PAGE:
Jog on - Derbyshire council chiefs to spend £1m on getting us exercising

More than a million pounds is set to be spent on exercise programmes for children, the elderly, and inactive.

Monday, 11th June 2018, 4:42 pm
Updated Tuesday, 19th June 2018, 11:33 am
Funding aims to help more Derbyshire people get active and stay healthy

The county council is set to dish out grant funding for several exercise schemes  in a bid to tackle a physical inactivity – a “global public health problem”, according to its officers.

 Figures published in a report for Derbyshire County Council’s Tory-led cabinet show that more than a quarter of residents in Bolsover and Amber Valley are classed as inactive, 26.5 per cent and 26 per cent respectively.

Residents who are doing less than 30 minutes of activity a week fall into this category – the average across Derbyshire is that 20 per cent – one in five – people fall into this class.

The county council is seeking to spend the funding to try to “enable Derbyshire residents to live physically active lives”.

In total, £1.035 million is to be handed out in grants over the next two years to fund exercise ventures across Derbyshire, largely run by the district and borough councils.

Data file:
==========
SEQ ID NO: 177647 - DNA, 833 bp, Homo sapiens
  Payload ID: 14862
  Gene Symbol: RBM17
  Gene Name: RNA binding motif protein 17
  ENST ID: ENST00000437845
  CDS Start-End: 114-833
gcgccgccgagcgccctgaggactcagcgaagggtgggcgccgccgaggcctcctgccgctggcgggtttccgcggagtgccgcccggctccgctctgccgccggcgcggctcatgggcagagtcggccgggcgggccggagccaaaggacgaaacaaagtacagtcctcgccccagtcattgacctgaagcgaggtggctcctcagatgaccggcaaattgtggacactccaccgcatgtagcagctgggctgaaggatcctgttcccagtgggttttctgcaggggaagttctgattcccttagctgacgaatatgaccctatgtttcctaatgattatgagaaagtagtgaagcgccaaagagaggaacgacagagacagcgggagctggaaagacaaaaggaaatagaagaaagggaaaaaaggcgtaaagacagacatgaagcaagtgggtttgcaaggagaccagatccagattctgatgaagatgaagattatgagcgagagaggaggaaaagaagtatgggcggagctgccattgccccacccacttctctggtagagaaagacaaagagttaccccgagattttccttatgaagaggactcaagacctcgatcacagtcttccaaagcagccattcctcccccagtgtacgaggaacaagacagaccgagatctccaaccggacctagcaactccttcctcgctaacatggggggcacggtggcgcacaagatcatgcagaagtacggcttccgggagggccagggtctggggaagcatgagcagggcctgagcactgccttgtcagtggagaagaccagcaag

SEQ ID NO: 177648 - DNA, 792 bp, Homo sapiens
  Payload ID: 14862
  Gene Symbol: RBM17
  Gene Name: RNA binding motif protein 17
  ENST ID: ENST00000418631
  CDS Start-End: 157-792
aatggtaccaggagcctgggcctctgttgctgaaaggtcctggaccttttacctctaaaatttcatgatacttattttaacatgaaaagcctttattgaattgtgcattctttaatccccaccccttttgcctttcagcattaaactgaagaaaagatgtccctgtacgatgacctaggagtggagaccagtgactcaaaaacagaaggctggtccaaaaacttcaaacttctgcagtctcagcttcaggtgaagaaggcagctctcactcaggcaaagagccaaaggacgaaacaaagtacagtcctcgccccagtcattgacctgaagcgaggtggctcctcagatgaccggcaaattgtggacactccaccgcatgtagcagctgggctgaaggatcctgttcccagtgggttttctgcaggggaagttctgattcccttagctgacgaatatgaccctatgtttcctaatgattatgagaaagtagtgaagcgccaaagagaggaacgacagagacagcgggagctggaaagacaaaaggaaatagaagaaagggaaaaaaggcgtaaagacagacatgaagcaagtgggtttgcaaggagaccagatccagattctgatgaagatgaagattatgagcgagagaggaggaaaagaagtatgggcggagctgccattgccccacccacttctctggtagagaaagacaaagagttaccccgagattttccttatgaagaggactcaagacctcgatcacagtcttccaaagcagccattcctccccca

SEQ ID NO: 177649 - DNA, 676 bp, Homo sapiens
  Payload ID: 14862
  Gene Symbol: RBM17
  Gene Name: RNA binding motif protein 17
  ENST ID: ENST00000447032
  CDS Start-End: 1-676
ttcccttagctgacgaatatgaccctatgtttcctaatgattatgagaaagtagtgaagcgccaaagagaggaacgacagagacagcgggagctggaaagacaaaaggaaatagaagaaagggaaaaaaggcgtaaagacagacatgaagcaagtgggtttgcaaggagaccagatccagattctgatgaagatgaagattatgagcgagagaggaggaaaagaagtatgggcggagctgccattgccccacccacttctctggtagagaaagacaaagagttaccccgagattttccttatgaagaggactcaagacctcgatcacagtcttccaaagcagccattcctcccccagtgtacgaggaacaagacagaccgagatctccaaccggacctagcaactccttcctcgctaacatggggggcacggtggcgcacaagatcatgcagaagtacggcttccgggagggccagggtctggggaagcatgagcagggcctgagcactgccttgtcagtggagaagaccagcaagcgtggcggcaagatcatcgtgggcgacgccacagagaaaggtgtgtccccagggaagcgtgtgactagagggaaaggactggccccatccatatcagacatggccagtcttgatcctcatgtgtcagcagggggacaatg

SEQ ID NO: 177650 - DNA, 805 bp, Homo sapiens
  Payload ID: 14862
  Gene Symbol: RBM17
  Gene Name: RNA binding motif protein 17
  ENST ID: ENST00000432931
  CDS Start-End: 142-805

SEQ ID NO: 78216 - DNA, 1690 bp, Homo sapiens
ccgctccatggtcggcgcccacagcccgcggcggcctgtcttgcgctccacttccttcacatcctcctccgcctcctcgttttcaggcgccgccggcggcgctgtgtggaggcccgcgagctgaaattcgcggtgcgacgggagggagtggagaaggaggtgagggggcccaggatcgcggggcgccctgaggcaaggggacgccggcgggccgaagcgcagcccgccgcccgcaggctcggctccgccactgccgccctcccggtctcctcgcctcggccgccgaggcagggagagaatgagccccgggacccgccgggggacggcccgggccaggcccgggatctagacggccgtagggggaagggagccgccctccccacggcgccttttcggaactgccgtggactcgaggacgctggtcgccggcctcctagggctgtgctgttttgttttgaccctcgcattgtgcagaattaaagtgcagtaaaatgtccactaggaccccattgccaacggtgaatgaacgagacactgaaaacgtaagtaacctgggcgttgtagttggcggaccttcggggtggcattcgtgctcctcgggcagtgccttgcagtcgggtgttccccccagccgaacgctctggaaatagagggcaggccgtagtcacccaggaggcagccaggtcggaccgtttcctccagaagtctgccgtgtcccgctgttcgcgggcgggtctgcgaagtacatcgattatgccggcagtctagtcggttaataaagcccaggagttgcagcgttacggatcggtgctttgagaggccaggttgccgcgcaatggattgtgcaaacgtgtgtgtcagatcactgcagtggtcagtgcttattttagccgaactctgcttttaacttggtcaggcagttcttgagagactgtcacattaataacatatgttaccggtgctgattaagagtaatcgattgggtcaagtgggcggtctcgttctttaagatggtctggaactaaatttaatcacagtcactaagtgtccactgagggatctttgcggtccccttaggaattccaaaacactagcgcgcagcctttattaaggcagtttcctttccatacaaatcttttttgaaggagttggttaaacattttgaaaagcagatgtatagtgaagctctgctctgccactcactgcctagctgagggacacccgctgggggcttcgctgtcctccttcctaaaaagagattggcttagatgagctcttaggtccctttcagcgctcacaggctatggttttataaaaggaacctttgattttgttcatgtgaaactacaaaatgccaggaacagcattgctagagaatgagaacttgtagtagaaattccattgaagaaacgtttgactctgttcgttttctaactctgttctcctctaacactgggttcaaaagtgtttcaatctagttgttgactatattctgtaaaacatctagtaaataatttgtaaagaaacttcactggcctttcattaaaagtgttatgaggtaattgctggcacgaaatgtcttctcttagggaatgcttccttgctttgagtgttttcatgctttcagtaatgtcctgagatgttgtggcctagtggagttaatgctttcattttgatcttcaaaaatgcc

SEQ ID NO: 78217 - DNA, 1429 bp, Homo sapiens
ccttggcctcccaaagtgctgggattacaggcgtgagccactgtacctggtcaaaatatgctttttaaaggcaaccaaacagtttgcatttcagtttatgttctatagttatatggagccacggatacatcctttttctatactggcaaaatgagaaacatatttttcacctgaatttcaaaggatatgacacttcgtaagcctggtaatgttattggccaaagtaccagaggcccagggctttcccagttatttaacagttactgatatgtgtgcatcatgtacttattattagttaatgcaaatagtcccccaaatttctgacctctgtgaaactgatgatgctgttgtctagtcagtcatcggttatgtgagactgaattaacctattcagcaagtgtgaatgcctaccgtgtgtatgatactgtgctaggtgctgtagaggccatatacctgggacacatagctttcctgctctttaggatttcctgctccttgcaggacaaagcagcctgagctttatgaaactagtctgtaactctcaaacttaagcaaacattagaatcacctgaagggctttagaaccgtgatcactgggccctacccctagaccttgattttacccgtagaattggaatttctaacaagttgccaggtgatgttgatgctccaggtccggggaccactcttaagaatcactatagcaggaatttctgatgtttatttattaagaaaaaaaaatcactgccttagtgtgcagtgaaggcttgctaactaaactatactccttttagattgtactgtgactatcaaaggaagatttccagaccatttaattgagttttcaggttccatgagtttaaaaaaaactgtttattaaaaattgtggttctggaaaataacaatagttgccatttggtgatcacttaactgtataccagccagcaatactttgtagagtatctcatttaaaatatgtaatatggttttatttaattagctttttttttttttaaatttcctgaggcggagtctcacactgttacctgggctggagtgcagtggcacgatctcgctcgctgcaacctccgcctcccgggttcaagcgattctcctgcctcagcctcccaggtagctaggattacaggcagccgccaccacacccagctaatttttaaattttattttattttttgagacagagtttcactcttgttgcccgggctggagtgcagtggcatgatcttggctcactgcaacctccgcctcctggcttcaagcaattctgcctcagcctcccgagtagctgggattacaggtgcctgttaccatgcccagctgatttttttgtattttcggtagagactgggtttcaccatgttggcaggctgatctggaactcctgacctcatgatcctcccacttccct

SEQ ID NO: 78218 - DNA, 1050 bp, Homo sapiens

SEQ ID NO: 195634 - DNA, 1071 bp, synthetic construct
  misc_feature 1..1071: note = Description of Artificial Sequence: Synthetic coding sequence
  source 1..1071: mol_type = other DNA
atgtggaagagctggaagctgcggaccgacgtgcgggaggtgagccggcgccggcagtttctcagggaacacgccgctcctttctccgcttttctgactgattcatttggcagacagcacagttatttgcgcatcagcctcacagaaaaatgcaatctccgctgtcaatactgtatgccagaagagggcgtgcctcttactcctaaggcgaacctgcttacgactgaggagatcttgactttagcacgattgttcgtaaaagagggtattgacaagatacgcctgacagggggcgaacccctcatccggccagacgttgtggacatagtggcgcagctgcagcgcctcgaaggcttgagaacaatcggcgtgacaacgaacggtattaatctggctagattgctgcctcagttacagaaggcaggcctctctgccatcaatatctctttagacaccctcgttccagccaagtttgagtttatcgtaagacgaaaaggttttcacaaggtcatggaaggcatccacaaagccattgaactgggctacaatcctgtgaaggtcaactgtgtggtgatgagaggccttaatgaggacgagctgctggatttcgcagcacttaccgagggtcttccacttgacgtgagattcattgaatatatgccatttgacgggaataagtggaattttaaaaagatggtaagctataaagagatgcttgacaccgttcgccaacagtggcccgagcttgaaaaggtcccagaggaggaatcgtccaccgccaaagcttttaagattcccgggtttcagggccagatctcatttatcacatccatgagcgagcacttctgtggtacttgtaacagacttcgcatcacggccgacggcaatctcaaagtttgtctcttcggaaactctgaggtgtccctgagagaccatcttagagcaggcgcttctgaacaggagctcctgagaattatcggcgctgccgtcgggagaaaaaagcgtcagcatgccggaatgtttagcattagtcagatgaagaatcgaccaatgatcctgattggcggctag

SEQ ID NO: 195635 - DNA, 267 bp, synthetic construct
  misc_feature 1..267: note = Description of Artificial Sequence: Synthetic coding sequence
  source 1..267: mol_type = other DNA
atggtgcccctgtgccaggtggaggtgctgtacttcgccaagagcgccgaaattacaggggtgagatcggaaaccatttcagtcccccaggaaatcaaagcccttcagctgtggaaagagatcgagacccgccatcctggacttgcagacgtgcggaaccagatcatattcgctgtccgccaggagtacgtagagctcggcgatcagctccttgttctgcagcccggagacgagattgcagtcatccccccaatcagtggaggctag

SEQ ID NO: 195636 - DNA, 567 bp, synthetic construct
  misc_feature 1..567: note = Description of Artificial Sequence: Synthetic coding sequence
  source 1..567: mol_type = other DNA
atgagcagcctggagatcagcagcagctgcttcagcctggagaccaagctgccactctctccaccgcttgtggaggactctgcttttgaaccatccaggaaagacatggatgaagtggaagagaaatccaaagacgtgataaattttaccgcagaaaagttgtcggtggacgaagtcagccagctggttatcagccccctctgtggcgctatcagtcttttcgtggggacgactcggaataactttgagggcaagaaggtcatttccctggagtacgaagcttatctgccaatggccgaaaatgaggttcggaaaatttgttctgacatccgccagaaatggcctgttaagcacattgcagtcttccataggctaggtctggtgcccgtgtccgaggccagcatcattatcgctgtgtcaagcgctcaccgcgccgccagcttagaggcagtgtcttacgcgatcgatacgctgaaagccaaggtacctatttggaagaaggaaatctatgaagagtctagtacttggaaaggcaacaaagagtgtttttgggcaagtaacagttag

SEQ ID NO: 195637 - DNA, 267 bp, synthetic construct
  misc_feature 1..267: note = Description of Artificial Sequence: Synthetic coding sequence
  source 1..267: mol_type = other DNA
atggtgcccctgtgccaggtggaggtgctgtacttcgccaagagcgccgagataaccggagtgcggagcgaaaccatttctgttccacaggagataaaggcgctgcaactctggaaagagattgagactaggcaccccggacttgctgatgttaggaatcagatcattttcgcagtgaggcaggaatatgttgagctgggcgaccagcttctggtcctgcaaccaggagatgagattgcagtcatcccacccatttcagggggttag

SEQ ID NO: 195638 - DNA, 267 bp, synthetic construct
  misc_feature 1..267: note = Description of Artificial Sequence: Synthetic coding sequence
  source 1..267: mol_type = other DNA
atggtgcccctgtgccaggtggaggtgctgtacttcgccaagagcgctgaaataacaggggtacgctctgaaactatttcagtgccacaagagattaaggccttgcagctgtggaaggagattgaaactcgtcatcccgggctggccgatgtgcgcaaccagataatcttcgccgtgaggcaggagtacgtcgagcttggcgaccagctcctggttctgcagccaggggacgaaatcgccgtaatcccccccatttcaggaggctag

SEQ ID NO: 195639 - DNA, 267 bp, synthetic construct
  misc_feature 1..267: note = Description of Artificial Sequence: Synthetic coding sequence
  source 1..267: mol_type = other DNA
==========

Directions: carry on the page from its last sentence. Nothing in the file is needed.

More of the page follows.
This breaks down as £550,000 in 2018 and £485,000 in 2019.

The Jog Derbyshire programme will receive £100,000 over the next two years – run by the Community Sports Trust.

It aims to get more people to stay active by jogging and currently runs 137 sessions each week and has more than 6,500 members.

As it stands, this programme is for adults only but it aims to expand this to children and young people.

The District and Borough Council Physical Activity Funding is split up into four categories.

Exercise Referral is a 12-week programme for inactive adults with health conditions, such as those recovering from a heart attack.

Walk Derbyshire is a network of walks that help to support people wanting to lead a more active lifestyle – the funding boost will increase this to family-friendly walking routes.

The Community Innovation Fund aims to create physical activity programmes for those in vulnerable populations.

Finally, the Looked After Children project seeks to get children who are under the council’s care and with foster families to get involved in physical activity – it includes leisure centre access.

The scheme is a priority area for the county council, which sees exercise as a key way to support these children and help them to develop skills and confidence.

In the first year of funding, the four projects overseen by the district and borough councils will be divided up as follows.

Amber Valley, £76,034; Bolsover, £65,989; Chesterfield, £95,099; Derbyshire Dales, £32,060; Erewash, £78, 026; High Peak, £51,790; North East Derbyshire, £53,792; and South Derbyshire, £47,210.

The county council cabinet will meet on Thursday, June 14 to sign off on the funding.


Derbyshire County Council HQ – Picture by Eddie Bisknell

Eddie Bisknell , Local Democracy Reporting Service